CSS Criton 1TD-X – I Bult Them and Here’s My Impression

CSS Criton 1TD-X right

CSS Criton 1TD-X (Tested at $1344)

Buy on CSS Audio
Sound 9
Build 10
Compatibility 8
Value 10
  • Clean and Incisive
  • Deep soundstage
  • Bold bassline
  • Needs powerfull amplification to shine

CSS Criton 1TD-X is a DIY (Do It Yourself) speaker kit from a young company CSS Audio, based in the USA, that specializes in producing high-quality DIY kits. But why would you want to put effort and time into building speakers yourself when there are so many finished models on the market already? The answer lies in the price-to-performance ratio. But just before we come to that, let’s consider a few practical questions first.

Ease of Build

Every CSS kit can be purchased with or without a flat-pack cabinet. If you’re an experienced builder, you might want to build yours from scratch, but for the rest of us, flat-packs are a much friendlier alternative. Since I live in an apartment woodwork and big tools are out of the question, so I naturally opted for a flat-pack. I’m happy to report that sufficiently thick MDF panels are used, and there is the added internal bracing too. I could easily assemble the cabinets on my dining table, using only two belt clamps and some weights.

After the boxes are glued together, you have to assemble the crossover. This is quite easy since you get plastic boards with predetermined positions for each component. You just put them in place and do some beginner-level soldering to connect all of them into a circuitry. Finally, you place the crossovers inside the box, screw them in, and connect the cables with binding posts and drivers. The last step is tightening all drivers in their places using provided screws.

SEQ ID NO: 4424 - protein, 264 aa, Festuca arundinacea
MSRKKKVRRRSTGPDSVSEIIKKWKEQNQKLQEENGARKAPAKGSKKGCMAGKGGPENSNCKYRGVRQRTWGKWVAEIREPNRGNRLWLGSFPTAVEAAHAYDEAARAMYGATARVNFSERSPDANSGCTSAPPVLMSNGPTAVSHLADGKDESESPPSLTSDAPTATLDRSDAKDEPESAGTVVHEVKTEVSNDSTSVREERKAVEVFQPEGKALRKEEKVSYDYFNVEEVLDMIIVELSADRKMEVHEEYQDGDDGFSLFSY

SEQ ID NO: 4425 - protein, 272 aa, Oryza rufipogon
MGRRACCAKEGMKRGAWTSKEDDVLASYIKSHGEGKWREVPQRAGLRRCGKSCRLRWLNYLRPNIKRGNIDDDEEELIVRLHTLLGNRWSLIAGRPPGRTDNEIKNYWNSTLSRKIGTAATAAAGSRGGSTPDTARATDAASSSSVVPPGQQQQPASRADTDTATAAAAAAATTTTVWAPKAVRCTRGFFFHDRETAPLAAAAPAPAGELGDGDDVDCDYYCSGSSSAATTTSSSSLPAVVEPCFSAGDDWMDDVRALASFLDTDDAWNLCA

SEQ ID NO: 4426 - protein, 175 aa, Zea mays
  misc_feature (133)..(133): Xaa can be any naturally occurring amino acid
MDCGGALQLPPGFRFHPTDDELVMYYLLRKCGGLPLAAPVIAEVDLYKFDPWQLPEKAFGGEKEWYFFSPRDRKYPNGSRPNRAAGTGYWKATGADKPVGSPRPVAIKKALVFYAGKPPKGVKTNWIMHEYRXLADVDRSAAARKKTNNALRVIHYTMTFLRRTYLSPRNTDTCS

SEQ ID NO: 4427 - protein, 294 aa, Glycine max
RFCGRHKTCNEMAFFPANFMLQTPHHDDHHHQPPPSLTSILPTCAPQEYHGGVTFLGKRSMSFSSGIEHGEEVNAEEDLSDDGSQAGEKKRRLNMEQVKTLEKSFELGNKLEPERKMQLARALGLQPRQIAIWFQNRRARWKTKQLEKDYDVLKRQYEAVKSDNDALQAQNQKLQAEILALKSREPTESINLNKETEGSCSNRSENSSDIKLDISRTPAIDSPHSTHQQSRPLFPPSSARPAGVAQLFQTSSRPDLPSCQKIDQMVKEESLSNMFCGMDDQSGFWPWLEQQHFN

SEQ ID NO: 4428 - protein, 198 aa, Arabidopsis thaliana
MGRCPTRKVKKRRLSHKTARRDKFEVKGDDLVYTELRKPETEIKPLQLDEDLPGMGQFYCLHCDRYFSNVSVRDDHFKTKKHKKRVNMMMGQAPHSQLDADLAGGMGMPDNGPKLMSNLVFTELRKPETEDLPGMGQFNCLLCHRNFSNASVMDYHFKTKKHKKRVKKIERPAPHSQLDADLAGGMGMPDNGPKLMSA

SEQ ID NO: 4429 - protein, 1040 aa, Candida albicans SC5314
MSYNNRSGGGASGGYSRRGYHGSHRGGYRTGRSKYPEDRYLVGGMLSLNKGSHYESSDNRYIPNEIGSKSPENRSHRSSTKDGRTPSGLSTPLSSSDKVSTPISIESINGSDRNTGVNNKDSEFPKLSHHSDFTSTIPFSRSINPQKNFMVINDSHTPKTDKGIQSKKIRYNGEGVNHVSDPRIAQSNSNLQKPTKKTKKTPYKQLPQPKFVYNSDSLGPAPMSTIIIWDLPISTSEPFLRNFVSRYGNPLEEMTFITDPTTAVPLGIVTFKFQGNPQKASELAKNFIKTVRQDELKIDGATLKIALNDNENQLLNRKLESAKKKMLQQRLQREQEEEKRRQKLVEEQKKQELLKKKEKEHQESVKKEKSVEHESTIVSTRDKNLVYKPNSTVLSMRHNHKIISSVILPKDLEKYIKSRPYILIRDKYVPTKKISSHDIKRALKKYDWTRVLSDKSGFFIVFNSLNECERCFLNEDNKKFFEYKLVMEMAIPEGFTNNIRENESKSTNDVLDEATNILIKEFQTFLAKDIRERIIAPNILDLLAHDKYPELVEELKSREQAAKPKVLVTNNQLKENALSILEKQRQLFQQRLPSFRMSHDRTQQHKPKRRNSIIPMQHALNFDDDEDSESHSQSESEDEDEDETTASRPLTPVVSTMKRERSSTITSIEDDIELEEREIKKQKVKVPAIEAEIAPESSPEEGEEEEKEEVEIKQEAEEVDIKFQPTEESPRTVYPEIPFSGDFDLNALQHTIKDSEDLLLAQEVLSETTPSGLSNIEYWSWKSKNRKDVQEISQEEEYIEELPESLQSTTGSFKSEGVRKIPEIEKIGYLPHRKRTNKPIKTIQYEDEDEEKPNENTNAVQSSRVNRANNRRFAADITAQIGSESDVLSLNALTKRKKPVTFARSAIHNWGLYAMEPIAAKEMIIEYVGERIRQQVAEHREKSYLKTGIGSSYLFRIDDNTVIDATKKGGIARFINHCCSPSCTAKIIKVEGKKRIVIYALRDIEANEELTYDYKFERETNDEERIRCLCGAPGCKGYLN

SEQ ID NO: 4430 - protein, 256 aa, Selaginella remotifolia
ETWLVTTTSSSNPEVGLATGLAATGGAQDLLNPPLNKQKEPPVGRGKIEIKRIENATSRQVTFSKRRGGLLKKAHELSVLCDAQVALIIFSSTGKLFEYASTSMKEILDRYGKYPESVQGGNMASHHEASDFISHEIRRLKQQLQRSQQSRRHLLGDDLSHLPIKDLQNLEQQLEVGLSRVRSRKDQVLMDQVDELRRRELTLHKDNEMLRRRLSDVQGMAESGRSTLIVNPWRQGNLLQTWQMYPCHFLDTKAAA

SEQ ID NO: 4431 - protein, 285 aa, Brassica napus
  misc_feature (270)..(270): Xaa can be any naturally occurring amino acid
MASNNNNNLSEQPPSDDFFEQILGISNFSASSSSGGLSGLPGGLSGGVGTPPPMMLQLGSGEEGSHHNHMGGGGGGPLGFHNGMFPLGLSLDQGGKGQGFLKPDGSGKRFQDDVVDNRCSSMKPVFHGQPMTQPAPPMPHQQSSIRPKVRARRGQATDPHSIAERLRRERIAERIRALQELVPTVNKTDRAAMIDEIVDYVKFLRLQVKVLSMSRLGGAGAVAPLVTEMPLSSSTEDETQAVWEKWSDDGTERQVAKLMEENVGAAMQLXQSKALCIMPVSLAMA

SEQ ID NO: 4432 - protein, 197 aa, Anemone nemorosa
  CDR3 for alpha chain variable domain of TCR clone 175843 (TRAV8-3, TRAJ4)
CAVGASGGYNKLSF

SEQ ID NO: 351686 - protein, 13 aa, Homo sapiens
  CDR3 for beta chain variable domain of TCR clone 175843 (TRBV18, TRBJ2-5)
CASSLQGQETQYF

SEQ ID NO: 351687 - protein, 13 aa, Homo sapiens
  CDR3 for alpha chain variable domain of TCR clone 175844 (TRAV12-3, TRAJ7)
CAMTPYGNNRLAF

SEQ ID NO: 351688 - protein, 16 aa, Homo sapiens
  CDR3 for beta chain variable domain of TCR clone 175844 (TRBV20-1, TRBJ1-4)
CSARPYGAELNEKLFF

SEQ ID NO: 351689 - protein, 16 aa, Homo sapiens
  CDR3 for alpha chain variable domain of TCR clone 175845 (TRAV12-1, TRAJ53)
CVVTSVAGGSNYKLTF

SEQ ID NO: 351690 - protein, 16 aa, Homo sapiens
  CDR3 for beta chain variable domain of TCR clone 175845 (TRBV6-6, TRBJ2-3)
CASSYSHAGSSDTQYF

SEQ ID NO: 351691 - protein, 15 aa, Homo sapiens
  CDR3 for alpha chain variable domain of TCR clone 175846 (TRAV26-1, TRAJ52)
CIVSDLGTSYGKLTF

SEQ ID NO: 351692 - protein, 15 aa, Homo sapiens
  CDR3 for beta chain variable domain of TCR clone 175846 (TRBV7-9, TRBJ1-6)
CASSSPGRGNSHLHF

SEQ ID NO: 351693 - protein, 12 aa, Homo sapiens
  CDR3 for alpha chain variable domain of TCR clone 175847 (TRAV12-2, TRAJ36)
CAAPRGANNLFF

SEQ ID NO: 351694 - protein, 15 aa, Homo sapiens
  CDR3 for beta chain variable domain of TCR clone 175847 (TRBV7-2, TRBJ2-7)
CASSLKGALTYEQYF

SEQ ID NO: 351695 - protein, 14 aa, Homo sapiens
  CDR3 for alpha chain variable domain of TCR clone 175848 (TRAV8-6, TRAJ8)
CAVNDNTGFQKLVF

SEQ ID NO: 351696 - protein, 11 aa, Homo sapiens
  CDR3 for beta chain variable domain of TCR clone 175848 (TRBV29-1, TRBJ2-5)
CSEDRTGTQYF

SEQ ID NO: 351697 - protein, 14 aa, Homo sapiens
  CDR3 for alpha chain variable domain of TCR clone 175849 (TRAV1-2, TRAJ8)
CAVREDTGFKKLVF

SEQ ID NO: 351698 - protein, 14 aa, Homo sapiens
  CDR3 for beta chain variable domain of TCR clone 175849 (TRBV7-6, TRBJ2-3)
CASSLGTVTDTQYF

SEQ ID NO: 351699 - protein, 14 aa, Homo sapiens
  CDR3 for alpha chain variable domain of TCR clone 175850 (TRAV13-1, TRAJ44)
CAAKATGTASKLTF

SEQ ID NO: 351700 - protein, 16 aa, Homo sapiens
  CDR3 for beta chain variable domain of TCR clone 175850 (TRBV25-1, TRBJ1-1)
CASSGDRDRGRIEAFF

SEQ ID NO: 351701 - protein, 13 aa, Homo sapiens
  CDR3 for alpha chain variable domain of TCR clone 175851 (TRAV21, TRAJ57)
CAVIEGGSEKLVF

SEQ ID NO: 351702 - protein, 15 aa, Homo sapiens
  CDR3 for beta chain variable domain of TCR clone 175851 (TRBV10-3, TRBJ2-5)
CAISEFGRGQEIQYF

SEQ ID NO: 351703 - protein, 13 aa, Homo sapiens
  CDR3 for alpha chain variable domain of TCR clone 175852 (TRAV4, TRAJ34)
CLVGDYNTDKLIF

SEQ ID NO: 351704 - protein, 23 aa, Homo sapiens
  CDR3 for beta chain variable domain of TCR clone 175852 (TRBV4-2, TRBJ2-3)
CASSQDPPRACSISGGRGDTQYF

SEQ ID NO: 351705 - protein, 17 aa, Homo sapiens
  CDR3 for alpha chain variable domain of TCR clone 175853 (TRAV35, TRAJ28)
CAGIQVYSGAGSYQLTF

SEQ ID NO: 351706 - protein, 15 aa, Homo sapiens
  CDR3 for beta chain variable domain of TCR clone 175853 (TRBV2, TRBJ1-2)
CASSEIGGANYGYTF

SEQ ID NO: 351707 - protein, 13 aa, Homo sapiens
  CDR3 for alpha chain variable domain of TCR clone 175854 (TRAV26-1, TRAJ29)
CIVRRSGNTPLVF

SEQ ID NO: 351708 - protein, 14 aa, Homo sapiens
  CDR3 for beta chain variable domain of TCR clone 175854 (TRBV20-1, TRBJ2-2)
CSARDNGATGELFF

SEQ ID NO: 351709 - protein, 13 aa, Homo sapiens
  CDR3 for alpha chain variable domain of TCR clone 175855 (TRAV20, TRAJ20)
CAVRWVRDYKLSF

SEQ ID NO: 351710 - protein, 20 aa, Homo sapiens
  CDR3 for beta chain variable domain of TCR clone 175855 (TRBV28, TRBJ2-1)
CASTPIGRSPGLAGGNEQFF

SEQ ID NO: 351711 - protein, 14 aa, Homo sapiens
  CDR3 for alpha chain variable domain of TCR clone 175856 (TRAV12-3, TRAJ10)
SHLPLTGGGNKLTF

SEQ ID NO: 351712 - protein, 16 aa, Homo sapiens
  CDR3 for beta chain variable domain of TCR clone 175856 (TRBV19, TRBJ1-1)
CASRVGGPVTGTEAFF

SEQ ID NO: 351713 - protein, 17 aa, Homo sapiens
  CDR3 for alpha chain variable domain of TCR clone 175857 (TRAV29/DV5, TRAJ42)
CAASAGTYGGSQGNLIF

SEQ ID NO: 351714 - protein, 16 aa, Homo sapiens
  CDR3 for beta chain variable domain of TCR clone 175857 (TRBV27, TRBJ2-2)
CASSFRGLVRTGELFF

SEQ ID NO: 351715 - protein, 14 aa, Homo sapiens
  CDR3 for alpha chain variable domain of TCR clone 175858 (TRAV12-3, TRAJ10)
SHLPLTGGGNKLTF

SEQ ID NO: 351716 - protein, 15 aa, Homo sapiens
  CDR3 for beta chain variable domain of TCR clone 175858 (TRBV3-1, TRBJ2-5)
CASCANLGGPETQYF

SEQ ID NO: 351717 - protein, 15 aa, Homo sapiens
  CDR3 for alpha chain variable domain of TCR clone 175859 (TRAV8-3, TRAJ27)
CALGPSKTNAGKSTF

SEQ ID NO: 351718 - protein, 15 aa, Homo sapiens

The amount of time needed for all of this will vary depending on your skill, but it shouldn’t be much longer than a few hours. Of course, I’m not counting the time while we’re clamping the cabinets and waiting for the glue to settle.

CSS Criton 1TD-X left

Once assembled, speaker cabinets feel rock solid and non-resonant. One more thing I didn’t do on my pair as you can see from the images is the final finish. As mentioned above I live in an apartment so painting here is out of the question, and I have never veneered anything before… so I thought to leave this to someone more skilled.

Finally, the priciest option is to go for fully finished speakers and that would set you back $2350. So all options are there and you just have to choose one that suits you the best.